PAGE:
Vodacom Super Rugby
Brenden Nel - SuperSport
Rossouw leading Bulls charge
Johannesburg - The Vodacom Bulls were missing confidence at the beginning of the season as things just didn’t want to click. But now that they have found their confidence, it makes them a dangerous animal with an eye on the target of defending their Vodacom Super Rugby title in the next six weeks.
While it can take one loss to kill all those plans, the focus in the Bulls’ eyes is apparent of late, and so much that their senior players have rediscovered form at a crucial time, especially after weeks of critics writing them off ahead of this year’s Rugby World Cup.
One of the mainstays, the stars in recent weeks has been the bullocking form of Danie Rossouw. The big Springbok, bearded and rampant on the run is certainly enjoying his time on the field, so much so that it was a surprise not to see him get the man of the match award against the Cheetahs after an inspired performance off the bench.
Asked what superfood had inspired him to his refound form, Rossouw – not a man normally of many words, just smiled and said: “Biltong”.
But jokes aside, while he may be the unluckiest player in rugby, always moved around from flank to lock because of his versatility and struggling both at Super Rugby and Springbok level to find a permanent run in the starting line-up, Rossouw is certainly the type of player you would go to war with.
Humble, but honest, Rossouw credits the confidence in the team ranks for his growing form, and wants to make it a memorable year as he prepares to depart Pretoria for Japan after the World Cup.
“Its nothing really, I have got a lot more game time of late, and this is my last year at the Bulls. You never want to finish off on a low note, so I have been giving my all so that people can remember you,” Rossouw said. And with four straight wins giving the team momentum, the final mentality is working for the Bulls, with Rossouw crediting the confidence for their form.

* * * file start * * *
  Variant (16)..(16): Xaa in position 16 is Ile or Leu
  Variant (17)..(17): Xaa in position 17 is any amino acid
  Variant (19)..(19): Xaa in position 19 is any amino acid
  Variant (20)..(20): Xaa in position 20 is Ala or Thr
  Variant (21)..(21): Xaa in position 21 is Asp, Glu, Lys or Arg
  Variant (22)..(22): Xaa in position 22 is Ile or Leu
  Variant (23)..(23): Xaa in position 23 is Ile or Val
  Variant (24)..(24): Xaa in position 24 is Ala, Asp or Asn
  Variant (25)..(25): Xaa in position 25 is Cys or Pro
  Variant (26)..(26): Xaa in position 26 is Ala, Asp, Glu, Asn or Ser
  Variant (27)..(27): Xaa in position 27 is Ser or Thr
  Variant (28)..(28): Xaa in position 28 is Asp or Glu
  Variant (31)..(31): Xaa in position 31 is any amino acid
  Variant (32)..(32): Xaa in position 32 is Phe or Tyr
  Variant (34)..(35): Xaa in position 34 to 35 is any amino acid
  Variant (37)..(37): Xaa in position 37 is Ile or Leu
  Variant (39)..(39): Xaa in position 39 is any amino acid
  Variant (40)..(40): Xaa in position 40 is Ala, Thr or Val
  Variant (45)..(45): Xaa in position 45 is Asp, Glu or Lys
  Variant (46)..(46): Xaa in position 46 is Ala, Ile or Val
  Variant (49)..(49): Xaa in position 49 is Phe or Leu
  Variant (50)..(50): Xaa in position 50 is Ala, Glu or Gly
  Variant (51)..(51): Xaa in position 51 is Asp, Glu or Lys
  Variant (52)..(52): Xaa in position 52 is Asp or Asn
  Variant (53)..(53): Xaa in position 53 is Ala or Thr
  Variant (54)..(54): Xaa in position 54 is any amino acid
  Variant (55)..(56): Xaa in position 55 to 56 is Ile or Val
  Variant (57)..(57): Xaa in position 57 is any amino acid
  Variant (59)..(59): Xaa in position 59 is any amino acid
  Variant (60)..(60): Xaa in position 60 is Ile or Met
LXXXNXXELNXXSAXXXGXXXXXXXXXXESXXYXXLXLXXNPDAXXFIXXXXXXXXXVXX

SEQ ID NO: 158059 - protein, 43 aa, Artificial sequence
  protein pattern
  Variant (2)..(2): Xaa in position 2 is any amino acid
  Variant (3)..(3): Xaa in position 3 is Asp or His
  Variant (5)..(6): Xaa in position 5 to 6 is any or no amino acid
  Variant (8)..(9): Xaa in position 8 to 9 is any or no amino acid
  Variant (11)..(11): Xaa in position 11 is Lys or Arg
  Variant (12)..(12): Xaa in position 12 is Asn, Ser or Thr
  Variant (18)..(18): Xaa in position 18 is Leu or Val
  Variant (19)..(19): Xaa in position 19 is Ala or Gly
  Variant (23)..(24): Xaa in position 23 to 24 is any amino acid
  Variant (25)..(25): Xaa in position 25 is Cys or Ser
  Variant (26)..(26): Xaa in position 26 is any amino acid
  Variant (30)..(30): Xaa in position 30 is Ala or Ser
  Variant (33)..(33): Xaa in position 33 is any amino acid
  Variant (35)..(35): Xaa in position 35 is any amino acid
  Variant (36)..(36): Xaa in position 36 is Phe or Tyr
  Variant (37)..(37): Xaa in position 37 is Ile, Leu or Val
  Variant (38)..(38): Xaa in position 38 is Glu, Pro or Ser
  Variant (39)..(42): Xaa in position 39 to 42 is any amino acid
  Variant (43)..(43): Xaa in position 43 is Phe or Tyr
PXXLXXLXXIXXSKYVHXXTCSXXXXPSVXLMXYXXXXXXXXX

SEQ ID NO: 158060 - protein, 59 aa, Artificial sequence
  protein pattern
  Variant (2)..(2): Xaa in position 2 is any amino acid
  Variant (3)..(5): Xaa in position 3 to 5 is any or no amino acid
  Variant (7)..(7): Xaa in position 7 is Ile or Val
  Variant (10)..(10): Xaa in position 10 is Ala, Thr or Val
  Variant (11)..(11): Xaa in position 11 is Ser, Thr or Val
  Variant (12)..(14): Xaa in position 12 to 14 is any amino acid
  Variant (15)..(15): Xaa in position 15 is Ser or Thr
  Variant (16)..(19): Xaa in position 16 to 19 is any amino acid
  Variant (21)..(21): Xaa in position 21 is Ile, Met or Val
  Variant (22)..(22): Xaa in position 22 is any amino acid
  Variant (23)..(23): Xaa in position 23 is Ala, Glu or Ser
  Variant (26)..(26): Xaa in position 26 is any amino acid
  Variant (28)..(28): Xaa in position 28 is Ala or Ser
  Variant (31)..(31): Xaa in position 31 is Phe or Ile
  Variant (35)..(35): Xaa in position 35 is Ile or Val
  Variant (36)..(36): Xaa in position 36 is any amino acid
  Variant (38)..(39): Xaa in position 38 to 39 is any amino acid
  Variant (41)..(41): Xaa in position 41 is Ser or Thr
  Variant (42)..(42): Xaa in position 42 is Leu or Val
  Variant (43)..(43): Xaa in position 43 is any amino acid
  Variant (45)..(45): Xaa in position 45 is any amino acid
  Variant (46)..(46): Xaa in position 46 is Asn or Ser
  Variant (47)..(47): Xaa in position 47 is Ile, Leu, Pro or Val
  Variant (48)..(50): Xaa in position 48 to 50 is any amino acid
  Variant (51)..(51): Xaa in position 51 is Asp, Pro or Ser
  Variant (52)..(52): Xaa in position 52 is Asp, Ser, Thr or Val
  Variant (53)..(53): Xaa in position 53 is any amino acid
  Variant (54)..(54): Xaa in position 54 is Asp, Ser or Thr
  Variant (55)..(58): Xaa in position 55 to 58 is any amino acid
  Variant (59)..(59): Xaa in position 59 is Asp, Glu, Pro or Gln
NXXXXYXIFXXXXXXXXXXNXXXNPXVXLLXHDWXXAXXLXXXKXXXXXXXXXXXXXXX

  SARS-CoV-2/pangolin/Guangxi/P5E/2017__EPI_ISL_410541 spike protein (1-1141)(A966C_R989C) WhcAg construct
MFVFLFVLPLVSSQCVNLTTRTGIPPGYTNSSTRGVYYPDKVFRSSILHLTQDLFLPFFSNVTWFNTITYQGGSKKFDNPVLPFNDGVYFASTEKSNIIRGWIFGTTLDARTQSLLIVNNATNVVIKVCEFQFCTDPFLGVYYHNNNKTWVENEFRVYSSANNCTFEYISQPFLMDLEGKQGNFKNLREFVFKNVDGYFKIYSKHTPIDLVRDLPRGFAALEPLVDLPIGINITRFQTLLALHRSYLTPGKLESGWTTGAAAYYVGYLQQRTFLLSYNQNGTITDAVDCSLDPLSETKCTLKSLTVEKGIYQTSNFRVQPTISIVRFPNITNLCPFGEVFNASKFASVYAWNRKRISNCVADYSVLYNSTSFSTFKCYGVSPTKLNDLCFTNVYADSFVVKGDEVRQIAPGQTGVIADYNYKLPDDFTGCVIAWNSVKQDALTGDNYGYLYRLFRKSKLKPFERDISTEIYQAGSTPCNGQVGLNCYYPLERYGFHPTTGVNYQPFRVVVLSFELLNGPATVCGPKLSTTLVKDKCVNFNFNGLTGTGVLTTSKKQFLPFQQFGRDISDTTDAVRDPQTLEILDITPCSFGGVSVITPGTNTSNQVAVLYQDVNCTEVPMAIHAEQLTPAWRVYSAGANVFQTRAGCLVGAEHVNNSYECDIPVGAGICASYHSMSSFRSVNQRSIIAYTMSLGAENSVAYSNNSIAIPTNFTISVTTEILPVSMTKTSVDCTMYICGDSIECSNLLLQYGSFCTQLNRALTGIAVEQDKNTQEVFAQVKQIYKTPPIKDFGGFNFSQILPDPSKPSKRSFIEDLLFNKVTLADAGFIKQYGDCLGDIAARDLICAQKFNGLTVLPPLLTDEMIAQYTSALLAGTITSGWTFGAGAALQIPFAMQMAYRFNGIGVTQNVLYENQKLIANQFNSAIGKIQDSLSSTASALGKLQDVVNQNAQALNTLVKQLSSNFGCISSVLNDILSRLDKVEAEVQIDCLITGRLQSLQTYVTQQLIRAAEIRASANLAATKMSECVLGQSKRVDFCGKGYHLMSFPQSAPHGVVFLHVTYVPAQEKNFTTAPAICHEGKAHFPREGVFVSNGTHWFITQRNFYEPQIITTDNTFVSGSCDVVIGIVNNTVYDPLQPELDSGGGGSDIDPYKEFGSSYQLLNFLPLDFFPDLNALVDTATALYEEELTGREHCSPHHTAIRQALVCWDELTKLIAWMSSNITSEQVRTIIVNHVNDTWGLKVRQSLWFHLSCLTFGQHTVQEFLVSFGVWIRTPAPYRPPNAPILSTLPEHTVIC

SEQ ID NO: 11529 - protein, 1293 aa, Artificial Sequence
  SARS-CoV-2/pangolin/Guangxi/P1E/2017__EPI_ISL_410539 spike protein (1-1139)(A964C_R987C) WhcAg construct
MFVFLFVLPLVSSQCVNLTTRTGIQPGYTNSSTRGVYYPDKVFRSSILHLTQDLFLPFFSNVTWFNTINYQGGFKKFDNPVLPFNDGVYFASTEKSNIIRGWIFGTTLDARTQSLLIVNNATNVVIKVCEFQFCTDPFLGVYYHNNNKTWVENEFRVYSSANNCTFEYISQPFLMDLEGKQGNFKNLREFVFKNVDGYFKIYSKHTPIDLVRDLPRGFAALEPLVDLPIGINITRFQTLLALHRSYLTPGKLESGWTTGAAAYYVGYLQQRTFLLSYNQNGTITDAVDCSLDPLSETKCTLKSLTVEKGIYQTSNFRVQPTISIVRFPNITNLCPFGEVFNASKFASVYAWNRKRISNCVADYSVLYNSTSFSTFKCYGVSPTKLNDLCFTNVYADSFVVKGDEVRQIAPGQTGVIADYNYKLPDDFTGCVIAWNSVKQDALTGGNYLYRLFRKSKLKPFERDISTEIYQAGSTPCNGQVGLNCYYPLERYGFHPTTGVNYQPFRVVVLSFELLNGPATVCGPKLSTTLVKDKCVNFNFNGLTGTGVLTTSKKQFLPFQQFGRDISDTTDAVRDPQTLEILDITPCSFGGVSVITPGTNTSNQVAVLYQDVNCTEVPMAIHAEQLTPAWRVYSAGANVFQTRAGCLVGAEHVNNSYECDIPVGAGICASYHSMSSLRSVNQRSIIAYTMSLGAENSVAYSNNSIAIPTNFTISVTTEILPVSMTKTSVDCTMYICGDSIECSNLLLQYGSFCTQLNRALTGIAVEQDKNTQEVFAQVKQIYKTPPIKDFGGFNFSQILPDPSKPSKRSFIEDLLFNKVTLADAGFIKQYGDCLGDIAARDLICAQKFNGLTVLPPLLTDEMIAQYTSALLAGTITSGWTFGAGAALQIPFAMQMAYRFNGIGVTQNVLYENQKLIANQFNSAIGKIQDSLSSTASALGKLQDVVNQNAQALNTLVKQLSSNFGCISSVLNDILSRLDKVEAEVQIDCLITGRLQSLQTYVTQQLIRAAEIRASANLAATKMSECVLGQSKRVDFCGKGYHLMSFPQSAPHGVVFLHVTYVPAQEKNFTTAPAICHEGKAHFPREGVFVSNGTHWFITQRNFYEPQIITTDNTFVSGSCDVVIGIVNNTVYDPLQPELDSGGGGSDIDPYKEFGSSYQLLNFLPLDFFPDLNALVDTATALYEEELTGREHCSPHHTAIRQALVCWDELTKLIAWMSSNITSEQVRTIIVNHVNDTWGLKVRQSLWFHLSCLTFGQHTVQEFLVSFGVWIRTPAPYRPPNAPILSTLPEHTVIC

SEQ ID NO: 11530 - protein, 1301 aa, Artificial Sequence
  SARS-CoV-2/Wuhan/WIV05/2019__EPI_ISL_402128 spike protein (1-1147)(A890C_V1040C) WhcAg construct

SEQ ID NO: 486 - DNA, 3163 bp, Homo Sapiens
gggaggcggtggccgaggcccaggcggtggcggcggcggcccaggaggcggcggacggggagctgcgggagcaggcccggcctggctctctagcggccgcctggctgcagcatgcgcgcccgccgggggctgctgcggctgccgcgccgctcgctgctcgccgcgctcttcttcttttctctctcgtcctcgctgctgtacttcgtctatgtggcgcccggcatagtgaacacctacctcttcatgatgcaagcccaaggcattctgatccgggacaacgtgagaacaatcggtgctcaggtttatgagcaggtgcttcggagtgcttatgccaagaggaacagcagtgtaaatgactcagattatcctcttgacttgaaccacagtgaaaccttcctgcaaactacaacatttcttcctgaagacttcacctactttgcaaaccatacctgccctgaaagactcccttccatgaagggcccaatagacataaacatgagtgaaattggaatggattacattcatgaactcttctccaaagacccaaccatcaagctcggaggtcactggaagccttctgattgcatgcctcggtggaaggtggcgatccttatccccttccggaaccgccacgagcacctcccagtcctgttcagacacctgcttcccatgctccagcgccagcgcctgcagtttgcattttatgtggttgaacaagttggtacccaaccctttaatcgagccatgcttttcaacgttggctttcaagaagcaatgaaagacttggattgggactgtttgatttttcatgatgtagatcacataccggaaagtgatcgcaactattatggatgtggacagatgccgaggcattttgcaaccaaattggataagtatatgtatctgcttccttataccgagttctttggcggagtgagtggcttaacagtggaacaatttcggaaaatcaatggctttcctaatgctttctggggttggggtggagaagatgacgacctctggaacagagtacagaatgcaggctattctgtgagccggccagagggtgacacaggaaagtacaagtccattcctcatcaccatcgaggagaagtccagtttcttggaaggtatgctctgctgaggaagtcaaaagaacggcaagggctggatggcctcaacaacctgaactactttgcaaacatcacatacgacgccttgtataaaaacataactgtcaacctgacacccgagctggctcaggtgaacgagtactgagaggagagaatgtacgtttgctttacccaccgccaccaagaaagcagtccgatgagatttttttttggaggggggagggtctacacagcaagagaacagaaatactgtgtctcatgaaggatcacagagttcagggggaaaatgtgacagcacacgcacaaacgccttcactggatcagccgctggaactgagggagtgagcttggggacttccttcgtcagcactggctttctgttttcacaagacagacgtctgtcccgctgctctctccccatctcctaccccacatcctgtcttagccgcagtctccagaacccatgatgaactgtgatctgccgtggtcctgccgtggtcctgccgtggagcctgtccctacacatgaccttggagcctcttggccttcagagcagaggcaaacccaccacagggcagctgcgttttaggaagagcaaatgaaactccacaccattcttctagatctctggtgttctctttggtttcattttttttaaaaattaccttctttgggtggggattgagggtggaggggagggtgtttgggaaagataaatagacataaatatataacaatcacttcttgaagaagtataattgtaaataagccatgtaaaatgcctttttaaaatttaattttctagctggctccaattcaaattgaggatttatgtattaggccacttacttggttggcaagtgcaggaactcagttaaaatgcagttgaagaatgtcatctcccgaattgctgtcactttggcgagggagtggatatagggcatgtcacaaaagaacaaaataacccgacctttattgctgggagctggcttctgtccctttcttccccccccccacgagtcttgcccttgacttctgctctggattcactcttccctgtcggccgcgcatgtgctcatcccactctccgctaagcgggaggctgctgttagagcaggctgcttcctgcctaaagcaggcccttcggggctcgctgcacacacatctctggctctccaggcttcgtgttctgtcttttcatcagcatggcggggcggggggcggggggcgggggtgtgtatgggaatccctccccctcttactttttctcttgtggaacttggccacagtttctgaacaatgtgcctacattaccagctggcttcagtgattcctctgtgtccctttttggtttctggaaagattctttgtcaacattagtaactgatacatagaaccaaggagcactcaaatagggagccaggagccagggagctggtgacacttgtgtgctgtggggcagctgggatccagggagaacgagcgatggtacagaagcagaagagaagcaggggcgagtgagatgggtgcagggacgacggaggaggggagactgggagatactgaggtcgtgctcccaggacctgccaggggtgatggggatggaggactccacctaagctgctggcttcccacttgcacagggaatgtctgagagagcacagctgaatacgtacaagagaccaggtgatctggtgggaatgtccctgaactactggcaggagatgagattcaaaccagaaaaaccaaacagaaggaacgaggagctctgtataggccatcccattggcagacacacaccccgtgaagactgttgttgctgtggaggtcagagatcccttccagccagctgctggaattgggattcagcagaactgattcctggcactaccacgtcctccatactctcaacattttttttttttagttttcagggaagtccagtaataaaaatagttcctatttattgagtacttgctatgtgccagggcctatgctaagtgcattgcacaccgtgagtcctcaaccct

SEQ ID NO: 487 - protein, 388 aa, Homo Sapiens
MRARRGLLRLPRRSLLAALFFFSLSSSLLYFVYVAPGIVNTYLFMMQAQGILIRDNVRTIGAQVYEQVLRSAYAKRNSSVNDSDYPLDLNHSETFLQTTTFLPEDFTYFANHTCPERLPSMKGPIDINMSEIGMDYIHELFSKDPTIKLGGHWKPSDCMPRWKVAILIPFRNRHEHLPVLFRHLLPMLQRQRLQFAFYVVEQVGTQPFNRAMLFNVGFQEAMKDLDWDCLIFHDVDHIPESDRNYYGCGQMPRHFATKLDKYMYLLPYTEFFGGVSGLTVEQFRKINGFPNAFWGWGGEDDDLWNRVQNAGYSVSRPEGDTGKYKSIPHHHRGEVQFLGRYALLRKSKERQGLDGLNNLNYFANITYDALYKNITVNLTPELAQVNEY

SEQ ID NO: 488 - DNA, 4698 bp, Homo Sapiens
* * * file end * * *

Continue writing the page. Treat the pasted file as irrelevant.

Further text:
“The next game is like a final for us, it is vital. The coach keeps it in our heads the whole time and we keep focused. While the pressure never comes off us, you can see how the confidence has grown in this squad, and rugby is a confidence game. It definitely helps to have a couple of good wins under the belt,” he added.
Asked if he had unlocked the secret for the poor start to the competition, Rossouw was honest in his assessment.
“No hell, I leave that for the technical guys,” he laughs, “But it has much to do with confidence and the little things click into place when you have it. You can see we are a confident side now and it tells on the field in our execution.”
While Rossouw’s versatility has sometimes counted against him, he believes that with increased competition for places in this year’s squad it could work in his favour.
“The versatility has actually counted in my favour. For me, I have been lucky that I can play in a few positions, and it has actually helped me in my career. To me though, it’s all about the team, and if the coach feels I am needed on the bench, then it is okay, I want to make my contribution in any way possible,” Rossouw explained.
“I hope that I am part of the World Cup squad, and that I get a chance to play at the World Cup. There are so many good looseforwards and locks at the moment. For me if I can get into that squad and play a few games it would be perfect for me.
“There is a lot more competition at the moment for places in the squad than there was in 2007. Guys like Willem Alberts, who is an exceptional player, are knocking at the door, while at lock a guy like Andries Bekker is playing great rugby. It makes it very tough and means I have to be at my best to make the squad.”
On a parting note, Rossouw just laughs when asked to compare his offload – one of the best in Super Rugby – to offload king Sonny Bill Williams. But it is clear it is a skill the big forward has worked on in his career and which has been one of his trademarks after bursting through tackles.
“Sonny Bill is still the master of the offload and he gets a lot of ball on the front foot with which he can show off,” Rossouw jokes, “But you know here at the Bulls we’re not a team that likes to show off, and we’re not a team that likes to offload, rather we just run straight.”
A veteran of two World Cups already, Rossouw’s form and versatility are an asset for his Bulls side. Springbok supporters will be hoping his continued run of form extends to a third World Cup, as it has for the Bulls.